The idea is currently being tested as a pilot project. By the way, Hindi practical exams are in the offing too!
Earlier this year in March, when the Central Board of Secondary Education (CBSE) conducted its annual Class X and XII board examinations, it came under a barrage of criticism from parents who were livid with multiple cases of leaked question papers.
Following the criticism, the CBSE had announced that it may implement a few measures, including encrypted question papers. Recently, it decided to test it.
“As a pilot project, we did this (used the encrypted system) for the class X compartment exam. There was no problem with it. We realised that the number of (test) centres were fewer—just 32. For the board examinations, we have almost 4,500 exam centres and close to 30 lakh children, so the board is deliberating on providing infrastructure at the examination centres,” CBSE secretary Anurag Tripathi told The Indian Express.
Besides, he told the publication that CBSE would also provide a “printed set of question papers in the banks in case of an emergency” like technical glitches.
Under this system, the CBSE will give login details to each exam centre. The centre superintendent, who is usually the principal of the school where the exam is conducted, will get access to the question paper on the day of the exam, where it will be printed, photocopied and distributed.
Earlier, these question papers were printed, locked up in banks and then distributed to various centres an hour before the said examination. Evidently, this system has failed.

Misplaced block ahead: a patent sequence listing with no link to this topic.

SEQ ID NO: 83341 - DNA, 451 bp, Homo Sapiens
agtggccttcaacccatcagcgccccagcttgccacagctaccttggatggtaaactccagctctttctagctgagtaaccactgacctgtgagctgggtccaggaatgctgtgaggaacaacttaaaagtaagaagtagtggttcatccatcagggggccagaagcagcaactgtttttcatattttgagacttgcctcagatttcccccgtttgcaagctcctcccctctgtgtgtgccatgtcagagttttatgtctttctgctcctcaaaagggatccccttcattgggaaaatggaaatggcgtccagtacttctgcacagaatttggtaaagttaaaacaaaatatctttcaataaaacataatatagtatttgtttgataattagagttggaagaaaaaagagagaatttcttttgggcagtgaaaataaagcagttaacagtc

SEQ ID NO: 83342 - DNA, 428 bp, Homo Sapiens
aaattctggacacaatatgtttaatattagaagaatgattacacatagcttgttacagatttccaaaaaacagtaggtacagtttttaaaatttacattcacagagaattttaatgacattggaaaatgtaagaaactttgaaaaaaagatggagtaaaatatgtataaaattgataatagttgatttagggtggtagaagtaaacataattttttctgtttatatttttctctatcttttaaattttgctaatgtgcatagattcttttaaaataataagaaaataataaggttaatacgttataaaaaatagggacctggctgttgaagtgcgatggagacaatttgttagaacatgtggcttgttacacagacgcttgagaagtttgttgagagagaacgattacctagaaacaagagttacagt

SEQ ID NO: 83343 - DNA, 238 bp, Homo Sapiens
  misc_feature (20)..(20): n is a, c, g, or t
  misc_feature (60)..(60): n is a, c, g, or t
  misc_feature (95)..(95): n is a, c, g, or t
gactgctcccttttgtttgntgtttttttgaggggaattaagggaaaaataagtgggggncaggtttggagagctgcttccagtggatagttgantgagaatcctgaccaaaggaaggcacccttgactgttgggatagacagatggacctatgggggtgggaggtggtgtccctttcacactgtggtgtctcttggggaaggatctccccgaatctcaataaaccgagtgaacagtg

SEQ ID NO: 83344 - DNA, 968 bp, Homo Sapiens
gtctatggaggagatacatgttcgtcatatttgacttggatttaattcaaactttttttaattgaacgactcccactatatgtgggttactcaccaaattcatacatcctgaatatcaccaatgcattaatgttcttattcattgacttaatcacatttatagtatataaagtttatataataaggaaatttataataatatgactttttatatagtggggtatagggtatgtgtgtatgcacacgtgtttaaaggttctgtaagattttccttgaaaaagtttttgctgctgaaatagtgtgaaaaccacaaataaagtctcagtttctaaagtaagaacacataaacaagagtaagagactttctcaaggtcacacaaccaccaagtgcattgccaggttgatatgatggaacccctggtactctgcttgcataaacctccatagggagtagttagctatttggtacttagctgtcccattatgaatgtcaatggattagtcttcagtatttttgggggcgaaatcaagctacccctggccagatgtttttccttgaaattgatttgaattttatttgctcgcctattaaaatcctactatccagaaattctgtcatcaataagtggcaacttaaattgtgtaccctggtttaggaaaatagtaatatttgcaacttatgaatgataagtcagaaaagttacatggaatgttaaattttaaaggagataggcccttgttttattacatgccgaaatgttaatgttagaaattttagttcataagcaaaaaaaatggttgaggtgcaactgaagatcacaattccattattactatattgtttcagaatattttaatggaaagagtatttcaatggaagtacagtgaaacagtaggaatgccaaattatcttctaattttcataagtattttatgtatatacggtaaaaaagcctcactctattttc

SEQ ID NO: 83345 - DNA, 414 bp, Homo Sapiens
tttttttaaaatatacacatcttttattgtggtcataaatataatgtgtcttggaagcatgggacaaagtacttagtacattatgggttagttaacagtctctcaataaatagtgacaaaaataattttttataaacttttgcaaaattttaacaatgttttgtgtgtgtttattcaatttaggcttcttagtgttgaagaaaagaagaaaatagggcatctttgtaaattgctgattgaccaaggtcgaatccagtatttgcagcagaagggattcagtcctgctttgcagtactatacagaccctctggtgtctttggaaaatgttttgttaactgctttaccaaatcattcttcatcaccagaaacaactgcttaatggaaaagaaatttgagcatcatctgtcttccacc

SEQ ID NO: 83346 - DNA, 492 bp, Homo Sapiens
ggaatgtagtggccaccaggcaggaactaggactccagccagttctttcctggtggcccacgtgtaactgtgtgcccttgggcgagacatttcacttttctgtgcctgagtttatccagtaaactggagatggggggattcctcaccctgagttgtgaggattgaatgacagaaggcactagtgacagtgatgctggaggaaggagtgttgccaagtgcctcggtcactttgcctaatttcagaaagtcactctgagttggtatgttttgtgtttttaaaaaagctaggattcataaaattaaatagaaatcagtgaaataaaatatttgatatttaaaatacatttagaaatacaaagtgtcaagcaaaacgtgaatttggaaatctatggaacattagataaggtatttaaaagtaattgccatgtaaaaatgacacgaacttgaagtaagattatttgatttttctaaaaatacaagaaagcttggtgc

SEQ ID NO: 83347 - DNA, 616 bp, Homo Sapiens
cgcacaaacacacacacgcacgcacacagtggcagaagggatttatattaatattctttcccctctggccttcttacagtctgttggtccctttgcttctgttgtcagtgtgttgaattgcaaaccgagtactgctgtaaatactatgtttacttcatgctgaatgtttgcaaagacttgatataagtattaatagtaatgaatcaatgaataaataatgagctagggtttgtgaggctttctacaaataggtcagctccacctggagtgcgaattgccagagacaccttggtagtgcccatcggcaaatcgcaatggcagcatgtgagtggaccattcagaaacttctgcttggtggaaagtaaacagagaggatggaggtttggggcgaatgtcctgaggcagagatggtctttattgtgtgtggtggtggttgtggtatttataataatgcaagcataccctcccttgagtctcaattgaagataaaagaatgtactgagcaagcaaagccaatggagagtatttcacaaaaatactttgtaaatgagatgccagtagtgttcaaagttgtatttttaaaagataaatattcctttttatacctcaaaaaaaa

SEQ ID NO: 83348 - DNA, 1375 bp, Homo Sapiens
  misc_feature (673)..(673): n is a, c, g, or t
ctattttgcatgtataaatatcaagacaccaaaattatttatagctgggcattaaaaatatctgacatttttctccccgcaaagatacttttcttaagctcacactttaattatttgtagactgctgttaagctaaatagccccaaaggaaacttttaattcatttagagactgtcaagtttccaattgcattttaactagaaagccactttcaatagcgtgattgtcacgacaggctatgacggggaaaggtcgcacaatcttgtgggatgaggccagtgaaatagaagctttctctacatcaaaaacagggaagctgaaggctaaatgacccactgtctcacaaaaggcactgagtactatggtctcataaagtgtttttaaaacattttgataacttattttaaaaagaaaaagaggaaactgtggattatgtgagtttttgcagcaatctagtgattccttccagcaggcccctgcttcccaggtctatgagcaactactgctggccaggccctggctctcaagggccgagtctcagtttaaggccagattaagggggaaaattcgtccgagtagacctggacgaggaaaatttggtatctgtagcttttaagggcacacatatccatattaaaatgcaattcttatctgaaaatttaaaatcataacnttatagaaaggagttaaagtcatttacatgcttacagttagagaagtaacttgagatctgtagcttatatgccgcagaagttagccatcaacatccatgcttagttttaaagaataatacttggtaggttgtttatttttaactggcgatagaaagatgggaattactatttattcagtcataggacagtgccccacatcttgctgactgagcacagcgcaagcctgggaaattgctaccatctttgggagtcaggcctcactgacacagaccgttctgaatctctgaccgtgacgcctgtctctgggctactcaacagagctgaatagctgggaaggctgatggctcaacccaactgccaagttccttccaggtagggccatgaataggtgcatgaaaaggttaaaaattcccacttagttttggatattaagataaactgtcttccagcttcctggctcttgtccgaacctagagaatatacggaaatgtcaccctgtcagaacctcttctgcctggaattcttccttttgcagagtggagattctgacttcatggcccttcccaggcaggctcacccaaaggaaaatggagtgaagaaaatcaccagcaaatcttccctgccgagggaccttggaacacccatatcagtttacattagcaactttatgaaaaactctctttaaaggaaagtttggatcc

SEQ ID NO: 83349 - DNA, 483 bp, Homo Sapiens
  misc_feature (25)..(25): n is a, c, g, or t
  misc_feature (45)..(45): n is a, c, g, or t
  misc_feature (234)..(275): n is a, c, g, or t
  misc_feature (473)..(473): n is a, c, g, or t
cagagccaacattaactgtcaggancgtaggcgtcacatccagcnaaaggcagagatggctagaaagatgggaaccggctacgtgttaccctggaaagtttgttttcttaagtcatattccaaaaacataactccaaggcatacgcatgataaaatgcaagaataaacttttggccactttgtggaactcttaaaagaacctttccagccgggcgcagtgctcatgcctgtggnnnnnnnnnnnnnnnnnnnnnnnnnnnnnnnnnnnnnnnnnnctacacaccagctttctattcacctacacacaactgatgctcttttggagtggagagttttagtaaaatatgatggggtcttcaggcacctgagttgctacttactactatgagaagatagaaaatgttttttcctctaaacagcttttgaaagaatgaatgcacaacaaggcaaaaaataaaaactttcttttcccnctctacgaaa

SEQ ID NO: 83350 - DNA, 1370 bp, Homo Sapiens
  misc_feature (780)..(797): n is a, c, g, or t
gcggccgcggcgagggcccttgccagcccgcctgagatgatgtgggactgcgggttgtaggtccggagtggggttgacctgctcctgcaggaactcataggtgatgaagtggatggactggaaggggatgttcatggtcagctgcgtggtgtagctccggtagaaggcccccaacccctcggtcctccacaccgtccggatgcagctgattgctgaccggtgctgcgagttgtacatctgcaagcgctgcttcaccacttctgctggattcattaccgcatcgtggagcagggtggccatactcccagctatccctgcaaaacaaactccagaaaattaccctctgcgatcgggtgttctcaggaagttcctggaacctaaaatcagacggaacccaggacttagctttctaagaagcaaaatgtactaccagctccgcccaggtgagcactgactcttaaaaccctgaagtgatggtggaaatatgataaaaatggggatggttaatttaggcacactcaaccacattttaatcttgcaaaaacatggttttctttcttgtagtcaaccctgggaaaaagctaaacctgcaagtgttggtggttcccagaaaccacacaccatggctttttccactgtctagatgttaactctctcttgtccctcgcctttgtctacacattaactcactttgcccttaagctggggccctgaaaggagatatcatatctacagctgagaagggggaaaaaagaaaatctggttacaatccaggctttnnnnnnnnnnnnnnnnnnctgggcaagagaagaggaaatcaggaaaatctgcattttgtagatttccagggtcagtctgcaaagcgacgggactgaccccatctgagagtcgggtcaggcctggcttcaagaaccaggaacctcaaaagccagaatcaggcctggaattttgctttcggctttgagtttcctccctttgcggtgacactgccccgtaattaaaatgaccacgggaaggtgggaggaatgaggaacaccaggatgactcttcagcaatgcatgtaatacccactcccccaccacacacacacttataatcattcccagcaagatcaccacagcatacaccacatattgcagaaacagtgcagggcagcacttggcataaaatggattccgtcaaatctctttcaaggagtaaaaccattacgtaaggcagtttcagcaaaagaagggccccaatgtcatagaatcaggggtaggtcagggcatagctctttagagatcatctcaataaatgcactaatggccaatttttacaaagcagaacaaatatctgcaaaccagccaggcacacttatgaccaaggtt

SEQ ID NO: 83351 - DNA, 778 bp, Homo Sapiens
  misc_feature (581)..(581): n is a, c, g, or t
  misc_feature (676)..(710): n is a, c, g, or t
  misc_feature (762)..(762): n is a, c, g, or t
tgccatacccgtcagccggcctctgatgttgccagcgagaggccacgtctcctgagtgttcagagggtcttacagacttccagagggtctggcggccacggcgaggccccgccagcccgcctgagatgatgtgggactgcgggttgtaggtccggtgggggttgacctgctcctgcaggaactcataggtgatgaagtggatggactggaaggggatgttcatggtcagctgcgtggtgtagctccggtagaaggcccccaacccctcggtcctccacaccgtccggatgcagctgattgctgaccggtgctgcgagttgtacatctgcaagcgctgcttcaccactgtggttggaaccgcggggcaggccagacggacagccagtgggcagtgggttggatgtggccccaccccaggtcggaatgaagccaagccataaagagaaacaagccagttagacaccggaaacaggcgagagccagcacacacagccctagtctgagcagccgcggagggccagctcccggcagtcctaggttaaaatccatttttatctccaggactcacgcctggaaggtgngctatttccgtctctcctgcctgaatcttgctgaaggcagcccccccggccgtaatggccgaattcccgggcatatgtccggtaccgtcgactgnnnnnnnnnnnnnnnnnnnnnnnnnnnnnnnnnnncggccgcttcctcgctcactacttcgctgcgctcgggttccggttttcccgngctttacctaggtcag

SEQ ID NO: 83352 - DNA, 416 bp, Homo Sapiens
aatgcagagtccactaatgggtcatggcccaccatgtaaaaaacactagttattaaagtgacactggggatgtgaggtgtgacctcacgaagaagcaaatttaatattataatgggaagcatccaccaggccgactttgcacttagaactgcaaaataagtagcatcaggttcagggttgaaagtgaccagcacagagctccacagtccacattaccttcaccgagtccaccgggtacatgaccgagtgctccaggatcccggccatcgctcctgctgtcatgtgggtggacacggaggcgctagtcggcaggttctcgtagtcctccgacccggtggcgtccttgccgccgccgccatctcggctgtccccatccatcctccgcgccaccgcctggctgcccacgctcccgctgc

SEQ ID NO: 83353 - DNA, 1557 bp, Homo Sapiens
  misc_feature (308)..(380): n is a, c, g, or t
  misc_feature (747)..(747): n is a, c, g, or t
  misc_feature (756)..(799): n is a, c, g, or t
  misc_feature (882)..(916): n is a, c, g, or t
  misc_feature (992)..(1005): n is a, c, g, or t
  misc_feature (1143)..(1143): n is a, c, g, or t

To facilitate these new measures, the CBSE will offer logistical support for its new encrypted system to various centres. Equipment like printers, internet connection, computers, photocopy machines and regular power supply will be given to these exam centres.
Meanwhile, in another significant announcement, the CBSE will introduce a Hindi practical examination for the upcoming exam season to test a student’s oral communication abilities. Speaking to the press, CBSE secretary Anurag Tripathi said that it isn’t enough just to know Hindi literature. The students must learn to communicate better in Hindi as well.
This Hindi practical exam will be divided into two parts carrying 10 marks each. One part will test a student’s listening and speaking abilities, while the other 10 will be reserved for a project. Students will be marked on these practical exams by the schools themselves.
(Edited by Gayatri Mishra)